gms | German Medical Science

MAINZ//2011: 56. GMDS-Jahrestagung und 6. DGEpi-Jahrestagung

Deutsche Gesellschaft für Medizinische Informatik, Biometrie und Epidemiologie e. V.
Deutsche Gesellschaft für Epidemiologie e. V.

26. - 29.09.2011 in Mainz

Bayesian model evaluation for longitudinal count data in clinical trials: application to vertigo data

Meeting Abstract

Suche in Medline nach

  • Christine Adrion - IBE, Ludwig-Maximilians-Universität, München
  • Ulrich Mansmann - IBE, Ludwig-Maximilians-Universität, München

Mainz//2011. 56. Jahrestagung der Deutschen Gesellschaft für Medizinische Informatik, Biometrie und Epidemiologie (gmds), 6. Jahrestagung der Deutschen Gesellschaft für Epidemiologie (DGEpi). Mainz, 26.-29.09.2011. Düsseldorf: German Medical Science GMS Publishing House; 2011. Doc11gmds098

DOI: 10.3205/11gmds098, URN: urn:nbn:de:0183-11gmds0984

Veröffentlicht: 20. September 2011

© 2011 Adrion et al.
Dieser Artikel ist ein Open Access-Artikel und steht unter den Creative Commons Lizenzbedingungen (http://creativecommons.org/licenses/by-nc-nd/3.0/deed.de). Er darf vervielfältigt, verbreitet und öffentlich zugänglich gemacht werden, vorausgesetzt dass Autor und Quelle genannt werden.


Gliederung

Text

Background: In clinical trials with longitudinal counts as primary endpoint, interest often focuses on the entire profile (e.g., difference in slope between groups) instead of single time point analysis. Accordingly, the primary efficacy analysis of longitudinal counts is based on a careful pre-defined statistical model which has to be specified in the statistical section of the protocol or the statistical analysis plan. This poses challenges for model choice and model validation since the presumed model may affect the conclusion about the key scientific parameters. Besides deciding on the random effects and fixed effects structure, there are different distributions which can be assumed to model the count efficacy data: Poisson, zero-inflated, negative binomial (NB), or normal scale after a variance-stabilizing transformation. As frequentist strategies for model assessment and model diagnosis are cumbersome in random effects settings and have several limitations, it is of interest to explore Bayesian instruments which provide the needed decision support.

Material and Methods: We perform a simulation study to investigate the discriminatory power of Bayesian tools for model criticism and apply them to an open trial on vertigo attacks. A novel Bayesian approach based on integrated nested Laplace approximation (INLA) proposed by Rue et al. [1] is used for fitting generalized linear mixed models (GLMMs). With this approach the posterior marginal distributions are accurately approximated in a fully automated way. To challenge the model INLA methodology enables the computation of leave-one-out predictive measures without reanalyzing the posited model. We evaluate rival GLMMs for count outcome according to the DIC, PIT, log marginal likelihood, and by using proper scoring rules which allow ranking and validating various model alternatives.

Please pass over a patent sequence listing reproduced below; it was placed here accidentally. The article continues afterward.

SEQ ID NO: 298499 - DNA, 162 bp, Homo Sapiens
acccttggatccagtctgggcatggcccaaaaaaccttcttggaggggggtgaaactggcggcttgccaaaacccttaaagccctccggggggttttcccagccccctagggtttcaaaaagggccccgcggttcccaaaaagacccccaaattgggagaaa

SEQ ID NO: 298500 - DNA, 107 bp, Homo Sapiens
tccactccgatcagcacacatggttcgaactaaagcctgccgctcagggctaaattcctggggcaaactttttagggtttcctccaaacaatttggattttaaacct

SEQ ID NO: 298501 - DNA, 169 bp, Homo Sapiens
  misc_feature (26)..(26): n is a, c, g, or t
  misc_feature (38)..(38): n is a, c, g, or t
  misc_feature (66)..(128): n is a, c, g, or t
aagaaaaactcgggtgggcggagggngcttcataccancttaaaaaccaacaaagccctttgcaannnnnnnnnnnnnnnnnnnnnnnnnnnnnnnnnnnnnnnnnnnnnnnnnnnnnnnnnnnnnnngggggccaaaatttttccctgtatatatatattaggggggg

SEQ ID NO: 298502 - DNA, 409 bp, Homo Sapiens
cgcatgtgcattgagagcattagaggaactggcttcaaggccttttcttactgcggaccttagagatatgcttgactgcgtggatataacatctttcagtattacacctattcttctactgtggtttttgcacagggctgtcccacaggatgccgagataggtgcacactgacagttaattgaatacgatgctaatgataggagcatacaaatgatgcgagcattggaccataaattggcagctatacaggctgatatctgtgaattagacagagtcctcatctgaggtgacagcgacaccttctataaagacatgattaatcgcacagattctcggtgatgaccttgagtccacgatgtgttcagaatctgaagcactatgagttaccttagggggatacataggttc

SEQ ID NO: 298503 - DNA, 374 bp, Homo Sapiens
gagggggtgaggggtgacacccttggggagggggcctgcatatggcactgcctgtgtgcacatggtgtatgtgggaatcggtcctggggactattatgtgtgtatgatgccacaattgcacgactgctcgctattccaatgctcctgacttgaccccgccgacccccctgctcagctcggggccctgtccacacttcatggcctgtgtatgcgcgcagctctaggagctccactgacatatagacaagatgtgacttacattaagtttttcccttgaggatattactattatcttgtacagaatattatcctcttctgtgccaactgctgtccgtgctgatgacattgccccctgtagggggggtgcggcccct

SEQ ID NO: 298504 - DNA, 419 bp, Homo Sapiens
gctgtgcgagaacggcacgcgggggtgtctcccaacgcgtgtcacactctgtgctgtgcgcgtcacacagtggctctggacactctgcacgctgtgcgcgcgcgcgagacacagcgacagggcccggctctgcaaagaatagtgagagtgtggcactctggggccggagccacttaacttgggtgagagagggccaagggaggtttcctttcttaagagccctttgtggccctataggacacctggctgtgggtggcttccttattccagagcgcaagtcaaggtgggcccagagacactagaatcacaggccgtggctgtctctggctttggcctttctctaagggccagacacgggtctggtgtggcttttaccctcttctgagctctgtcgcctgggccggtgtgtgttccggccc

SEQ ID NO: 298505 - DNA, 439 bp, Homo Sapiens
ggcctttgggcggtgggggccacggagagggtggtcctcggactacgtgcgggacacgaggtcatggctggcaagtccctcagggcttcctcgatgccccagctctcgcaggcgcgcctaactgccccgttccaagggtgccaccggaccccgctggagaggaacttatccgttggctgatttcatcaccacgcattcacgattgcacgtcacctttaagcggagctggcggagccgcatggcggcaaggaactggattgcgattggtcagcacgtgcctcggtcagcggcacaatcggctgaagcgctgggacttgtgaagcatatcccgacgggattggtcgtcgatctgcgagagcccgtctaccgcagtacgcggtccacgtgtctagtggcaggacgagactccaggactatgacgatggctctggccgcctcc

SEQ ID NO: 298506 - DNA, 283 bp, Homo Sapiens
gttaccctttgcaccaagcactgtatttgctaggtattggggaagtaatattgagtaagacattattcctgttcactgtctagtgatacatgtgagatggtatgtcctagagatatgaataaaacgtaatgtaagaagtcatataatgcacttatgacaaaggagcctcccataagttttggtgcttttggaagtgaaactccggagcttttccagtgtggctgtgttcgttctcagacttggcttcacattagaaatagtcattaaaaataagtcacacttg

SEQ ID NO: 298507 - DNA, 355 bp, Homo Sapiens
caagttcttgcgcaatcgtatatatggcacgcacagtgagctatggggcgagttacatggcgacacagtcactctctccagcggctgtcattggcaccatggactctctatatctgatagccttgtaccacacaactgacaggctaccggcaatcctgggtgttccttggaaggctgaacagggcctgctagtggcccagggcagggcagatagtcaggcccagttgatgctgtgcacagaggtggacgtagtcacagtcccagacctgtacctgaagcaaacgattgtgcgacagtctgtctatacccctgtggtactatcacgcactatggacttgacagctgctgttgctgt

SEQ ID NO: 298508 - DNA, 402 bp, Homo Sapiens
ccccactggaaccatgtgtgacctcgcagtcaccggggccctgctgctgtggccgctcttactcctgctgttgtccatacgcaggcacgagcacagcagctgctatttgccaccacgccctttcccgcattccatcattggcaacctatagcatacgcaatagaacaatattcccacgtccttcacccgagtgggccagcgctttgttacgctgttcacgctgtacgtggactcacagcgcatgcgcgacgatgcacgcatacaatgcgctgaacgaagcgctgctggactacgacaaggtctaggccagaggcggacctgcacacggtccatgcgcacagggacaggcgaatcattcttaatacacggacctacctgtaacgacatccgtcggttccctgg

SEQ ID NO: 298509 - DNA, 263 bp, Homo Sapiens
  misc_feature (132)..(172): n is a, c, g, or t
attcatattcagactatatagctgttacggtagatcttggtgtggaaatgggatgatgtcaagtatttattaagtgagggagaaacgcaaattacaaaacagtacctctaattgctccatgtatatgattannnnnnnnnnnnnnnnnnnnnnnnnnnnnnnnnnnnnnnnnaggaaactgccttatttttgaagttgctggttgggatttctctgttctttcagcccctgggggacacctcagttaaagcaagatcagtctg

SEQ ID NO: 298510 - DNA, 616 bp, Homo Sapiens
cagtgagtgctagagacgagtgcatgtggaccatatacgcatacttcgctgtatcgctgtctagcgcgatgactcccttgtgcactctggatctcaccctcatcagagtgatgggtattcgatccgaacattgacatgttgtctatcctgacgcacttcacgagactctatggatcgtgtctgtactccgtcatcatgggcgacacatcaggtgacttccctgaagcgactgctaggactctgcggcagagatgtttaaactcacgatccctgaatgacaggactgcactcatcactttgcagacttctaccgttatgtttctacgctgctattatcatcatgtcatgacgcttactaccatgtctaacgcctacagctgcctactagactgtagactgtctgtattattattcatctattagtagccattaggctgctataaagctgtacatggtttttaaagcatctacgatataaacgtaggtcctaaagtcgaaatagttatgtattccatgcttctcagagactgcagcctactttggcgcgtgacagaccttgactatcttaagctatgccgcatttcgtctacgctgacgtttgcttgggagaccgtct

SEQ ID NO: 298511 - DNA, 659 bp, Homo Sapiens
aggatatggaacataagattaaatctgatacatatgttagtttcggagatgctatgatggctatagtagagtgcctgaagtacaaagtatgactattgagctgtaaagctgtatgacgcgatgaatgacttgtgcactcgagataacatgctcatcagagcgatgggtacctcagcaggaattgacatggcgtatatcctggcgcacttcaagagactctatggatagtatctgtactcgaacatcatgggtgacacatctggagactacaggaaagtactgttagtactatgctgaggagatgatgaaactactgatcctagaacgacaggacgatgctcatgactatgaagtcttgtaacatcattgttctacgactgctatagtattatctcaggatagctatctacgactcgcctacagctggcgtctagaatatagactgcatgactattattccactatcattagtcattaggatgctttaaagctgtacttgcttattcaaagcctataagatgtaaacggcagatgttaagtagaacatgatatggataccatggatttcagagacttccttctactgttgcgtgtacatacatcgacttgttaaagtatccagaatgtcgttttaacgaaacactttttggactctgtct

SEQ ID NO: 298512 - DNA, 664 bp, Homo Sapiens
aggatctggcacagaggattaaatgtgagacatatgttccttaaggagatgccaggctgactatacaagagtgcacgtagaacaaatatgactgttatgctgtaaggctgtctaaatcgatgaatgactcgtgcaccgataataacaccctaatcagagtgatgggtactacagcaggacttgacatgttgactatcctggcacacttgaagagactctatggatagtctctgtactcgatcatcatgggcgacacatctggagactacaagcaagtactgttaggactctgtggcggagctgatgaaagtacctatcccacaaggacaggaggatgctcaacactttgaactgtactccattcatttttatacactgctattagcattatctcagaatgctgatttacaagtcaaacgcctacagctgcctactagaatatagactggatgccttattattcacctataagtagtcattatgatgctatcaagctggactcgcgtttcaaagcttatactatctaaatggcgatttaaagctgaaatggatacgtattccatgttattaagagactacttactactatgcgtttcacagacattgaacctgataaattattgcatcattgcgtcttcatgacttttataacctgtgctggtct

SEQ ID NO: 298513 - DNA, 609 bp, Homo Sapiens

Results: The ability of the logarithmic scoring rule and DIC to discriminate between Poisson and NB mixed-effects model was illustrated in a simulation study for a longitudinal NB data generating process which mimics characteristics of the clinical trial. Simulation procedure assumed varying degrees of overdispersion and sample sizes. Under the given conditions, it becomes obvious that the naïve choice of a random effects Poisson model is often inappropriate for real-life count outcomes [2].

Discussion: We conclude that Bayesian methods are not only appealing for inference but notably provide better insight into different aspects of model performance, such as forecast verification, calibration checks, or model selection techniques. The mean of log score provides a robust tool for model ranking which is not sensitive to sample size.


References

1.
Rue H, Martino S, Chopin N. Approximate Bayesian inference for latent Gaussian models by using integrated nested Laplace approximations. Journal of the Royal Statistical Society: Series B (Statistical Methodology). 2009;71(2):319-92.
2.
Adrion C, Mansmann U. Bayesian model evaluation for longitudinal count data in a clinical trial setting: application to vertigo data. 2011 [under review].
3.
Committee for Medicinal Products for Human Use (CHMP), European Medicines Agency (EMA). Guideline on Missing Data in Confirmatory Clinical Trials. EMA/CPMP/EWP/1776/99 Rev. 1. London, UK. Date for coming into effect: 1 January 2011. Available from: http://www.ema.europa.eu/docs/en_GB/document_library/Scientific_guideline/2010/09/WC500096793.pdf Externer Link
4.
Czado C, Gneiting T, Held L. Predictive model assessment for count data. Biometrics. 2009;65(4):1254-61.